The slow progress from naive to bitter I expected, but the first patient who burned me I didn't see coming.

26-yo female came in with lower pelvic pain and bleeding that she truthfully attributed to endometritis, and had a long history of work-up for the same. I don't know about the literature, but I've seen a couple patients have significant pain from this condition, where implants of uterine lining in the pelvic cavity cause pain secondary to bleeding; though outside the uterus, they are hormonally responsive. It's not fun, partially because the pain and scarring isn't life threatening, so patients tend to feel their complaint is minimized.

The nurse, Robert, recognized her immediately and warned me that she was a 'frequent flier', and had been to the ED numerous times in the past six months. Her first request for pain medication was for Dilaudid, which I've seen used multiple times in my first ED but not at my second. It's considered overly strong. Too fast acting, too likely to cause respiratory depression. I'm sure the high is killer. I'm also sure that the pain relief is both quick and dramatic.

Most patients who are opiate-naive don't have a favorite yet; they may remember what they had last time, but they often mangle the name or just don't remember. The nurse was suspicious from the beginning that she was exaggerating her complaint to get more substantial pain relief.

The work-up, as expected, was negative for any of the more dangerous causes of bleeding and lower pelvic pain like an ectopic pregnancy or a ruptured ovarian cyst. I went to check on her, and sat down at the bedside. She was shaking, sitting curled up. She said she was frustrated by the pain she was still having and didn't feel like she was under control; we had offered a Percocet script to take with her and a dose of Toradol (similar to ibuprofen) before leaving, but that wasn't sufficient. She said she'd call for a ride if we could help her control her pain.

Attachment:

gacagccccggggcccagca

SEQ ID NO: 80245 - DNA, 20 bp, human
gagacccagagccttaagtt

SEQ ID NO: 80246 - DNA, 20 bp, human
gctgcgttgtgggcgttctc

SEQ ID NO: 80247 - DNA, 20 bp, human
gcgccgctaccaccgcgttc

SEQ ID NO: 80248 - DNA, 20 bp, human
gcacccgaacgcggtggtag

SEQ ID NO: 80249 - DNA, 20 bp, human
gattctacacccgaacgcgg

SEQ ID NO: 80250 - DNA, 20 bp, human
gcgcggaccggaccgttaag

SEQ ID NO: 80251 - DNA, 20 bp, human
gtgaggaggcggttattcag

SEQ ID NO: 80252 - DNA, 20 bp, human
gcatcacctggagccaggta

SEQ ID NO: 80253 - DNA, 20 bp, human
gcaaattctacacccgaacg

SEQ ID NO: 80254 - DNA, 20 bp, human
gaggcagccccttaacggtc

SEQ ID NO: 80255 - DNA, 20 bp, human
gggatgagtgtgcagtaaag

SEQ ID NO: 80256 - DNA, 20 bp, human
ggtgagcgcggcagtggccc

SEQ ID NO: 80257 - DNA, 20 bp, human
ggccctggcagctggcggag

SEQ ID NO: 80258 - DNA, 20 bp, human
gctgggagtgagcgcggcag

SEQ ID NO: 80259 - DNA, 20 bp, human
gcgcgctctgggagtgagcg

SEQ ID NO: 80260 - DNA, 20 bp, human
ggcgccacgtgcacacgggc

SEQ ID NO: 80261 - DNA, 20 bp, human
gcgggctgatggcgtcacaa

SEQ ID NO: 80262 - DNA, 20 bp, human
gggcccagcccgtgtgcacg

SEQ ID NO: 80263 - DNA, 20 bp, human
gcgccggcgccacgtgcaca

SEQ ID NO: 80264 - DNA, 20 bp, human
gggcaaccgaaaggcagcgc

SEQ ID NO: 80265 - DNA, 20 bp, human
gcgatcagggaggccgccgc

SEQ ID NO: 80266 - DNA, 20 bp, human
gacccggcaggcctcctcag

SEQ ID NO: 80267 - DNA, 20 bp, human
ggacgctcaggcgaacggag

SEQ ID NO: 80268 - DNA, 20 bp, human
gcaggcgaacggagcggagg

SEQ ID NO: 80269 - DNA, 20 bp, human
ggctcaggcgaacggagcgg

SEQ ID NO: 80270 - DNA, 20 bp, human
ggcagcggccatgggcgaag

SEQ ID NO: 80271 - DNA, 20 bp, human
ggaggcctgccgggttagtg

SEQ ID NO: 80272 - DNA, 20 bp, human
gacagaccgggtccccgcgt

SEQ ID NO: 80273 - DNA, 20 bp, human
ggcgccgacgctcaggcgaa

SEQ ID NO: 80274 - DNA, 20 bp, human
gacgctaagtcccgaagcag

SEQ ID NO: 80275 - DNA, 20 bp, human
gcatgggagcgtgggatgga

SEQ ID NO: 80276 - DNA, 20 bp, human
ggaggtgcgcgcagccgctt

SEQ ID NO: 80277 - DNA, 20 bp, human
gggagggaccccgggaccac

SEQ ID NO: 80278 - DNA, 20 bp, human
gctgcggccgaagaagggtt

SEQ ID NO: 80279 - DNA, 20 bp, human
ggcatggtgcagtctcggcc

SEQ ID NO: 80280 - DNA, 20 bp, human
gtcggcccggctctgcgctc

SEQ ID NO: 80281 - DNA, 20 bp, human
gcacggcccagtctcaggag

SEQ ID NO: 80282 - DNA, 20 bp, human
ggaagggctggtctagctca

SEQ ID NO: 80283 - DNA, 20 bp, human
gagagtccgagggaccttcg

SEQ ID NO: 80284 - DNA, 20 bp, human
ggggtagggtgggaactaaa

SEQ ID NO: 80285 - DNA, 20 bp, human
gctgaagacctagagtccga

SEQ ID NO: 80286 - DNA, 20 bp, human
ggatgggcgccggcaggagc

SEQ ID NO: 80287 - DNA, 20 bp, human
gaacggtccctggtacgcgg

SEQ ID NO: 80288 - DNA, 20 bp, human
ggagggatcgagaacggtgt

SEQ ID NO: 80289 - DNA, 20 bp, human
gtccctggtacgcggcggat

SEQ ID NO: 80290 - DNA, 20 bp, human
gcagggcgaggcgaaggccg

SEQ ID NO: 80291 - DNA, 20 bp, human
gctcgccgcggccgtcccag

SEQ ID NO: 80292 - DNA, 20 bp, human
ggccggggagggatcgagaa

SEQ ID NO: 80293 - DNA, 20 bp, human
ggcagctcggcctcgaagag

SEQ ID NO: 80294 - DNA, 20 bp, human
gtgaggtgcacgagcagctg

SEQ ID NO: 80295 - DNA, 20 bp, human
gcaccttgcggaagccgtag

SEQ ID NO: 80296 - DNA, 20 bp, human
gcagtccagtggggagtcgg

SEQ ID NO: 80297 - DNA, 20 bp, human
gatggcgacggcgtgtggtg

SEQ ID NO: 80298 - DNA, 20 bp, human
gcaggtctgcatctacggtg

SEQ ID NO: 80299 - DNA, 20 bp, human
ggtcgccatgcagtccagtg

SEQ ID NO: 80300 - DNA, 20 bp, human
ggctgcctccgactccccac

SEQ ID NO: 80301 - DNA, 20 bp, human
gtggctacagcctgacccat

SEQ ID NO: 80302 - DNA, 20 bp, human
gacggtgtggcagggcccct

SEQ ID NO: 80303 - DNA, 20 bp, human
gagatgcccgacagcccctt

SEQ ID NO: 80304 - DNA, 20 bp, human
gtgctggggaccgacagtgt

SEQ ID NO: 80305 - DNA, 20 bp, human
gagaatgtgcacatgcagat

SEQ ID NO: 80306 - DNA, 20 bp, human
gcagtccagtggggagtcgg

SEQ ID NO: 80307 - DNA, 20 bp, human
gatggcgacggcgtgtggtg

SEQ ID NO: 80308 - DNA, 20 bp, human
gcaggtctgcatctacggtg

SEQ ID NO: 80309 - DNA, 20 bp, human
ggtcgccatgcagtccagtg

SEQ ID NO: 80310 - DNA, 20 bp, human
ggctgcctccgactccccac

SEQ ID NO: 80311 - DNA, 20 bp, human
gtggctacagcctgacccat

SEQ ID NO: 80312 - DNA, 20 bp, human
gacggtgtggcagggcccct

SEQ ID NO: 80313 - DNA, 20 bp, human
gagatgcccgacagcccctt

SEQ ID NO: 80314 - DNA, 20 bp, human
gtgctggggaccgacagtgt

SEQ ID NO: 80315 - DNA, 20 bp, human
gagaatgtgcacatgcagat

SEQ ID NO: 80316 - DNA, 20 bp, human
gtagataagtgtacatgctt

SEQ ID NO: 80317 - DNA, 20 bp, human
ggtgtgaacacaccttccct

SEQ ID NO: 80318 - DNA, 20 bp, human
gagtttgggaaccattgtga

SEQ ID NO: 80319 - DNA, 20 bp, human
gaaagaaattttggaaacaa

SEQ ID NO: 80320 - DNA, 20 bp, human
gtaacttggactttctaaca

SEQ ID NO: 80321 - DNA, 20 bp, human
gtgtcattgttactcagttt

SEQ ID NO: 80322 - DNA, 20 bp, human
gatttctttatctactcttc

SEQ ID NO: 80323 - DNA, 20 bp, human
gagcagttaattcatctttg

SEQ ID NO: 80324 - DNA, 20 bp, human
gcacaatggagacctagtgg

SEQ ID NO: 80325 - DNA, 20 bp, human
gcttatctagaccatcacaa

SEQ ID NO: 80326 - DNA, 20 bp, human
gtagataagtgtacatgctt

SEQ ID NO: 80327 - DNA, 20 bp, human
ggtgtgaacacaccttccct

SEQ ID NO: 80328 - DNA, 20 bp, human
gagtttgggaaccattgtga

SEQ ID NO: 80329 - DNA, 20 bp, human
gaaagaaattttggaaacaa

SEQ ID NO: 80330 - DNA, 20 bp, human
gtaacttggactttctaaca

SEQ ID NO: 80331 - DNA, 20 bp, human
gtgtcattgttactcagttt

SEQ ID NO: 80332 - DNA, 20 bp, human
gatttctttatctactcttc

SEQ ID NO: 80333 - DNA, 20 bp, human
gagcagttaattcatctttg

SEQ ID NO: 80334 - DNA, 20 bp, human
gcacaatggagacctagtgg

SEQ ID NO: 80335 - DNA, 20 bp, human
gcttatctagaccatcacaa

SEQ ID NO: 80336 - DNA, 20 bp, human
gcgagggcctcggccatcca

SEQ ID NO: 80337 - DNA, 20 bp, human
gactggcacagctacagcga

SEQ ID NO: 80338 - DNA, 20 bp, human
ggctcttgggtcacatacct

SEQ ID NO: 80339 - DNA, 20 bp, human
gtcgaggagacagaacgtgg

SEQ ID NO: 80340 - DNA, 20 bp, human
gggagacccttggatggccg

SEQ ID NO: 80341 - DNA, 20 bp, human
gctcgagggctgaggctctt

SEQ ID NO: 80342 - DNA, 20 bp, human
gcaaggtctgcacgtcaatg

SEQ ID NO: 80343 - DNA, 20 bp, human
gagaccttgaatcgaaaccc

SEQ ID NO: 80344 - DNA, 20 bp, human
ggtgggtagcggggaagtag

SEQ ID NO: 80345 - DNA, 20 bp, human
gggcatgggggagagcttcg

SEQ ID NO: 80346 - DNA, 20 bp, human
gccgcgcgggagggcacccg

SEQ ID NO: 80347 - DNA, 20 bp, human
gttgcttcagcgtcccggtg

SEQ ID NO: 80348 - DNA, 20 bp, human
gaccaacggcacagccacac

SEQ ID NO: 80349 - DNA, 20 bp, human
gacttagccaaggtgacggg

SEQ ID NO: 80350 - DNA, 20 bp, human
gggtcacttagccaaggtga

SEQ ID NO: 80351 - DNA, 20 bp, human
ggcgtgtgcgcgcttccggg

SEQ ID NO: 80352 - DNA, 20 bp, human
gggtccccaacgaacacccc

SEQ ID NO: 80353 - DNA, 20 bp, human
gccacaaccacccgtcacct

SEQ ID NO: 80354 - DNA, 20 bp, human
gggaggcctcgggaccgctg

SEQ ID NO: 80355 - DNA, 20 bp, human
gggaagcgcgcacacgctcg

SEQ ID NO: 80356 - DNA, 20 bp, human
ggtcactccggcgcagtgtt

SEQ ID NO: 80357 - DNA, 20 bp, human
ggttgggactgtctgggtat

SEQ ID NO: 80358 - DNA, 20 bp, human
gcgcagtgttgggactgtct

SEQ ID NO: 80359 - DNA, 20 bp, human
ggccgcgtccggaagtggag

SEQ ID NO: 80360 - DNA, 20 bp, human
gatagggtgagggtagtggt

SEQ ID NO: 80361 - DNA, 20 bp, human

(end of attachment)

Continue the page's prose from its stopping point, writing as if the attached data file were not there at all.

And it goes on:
I walked back to the attending doc, who said he'd be willing to do that after she called for a ride. So I went back and told her and she said she'd call and picked up her phone. I went back and told the doc.

"Did she call?" he said.
"She was going to", I said.
"She can't have anything until she calls and her ride is on the way", he said. Then he looked at me. "Here's what's going to happen. She'll say she's getting a ride, get the shot, and take off. Then she'll drive herself into an abutment with narcotics in her system".

I didn't believe it. I thought she was genuine. Then I went back and talked to her again, and she said, 'Oh, did you want me to call? I wasn't clear'. The context made it suspicious. Maybe she was just gaming me into getting her high. The tricky part was that she did have genuine pathology; no one was arguing that. The argument was that she was way too into a shot of Dilaudid. By the time she finished her plea, called, and then 'couldn't get a ride', she would've had good relief from her oral pain meds.

So that plea, where she was shaking and frustrated and talked about how her pain had gotten worse after the pelvic exam, all calculated? Who knows? Perhaps all genuine but just accentuated. These are the drug seekers I have to get used to, the ones who are really sick. The most egregious are sickle cell patients, classically. They get so zonked out that they'll be close to respiratory arrest and still requesting meds. No one, however, will argue that a sickle cell crisis is faked. You try having your hemoglobin precipitate out in your peripheral arterial system.

The IV component can't be underestimated, either. Benadryl would never be considered a drug of abuse, but in the form of an IV push (given in one dose) it produces a high just because of the route.

I guess I'm a bit more cranky and jaded than before my shift started. I still believe pain must be treated, but, just as with every other complaint, the world is grey--or, in the case of the ED, a bit green.

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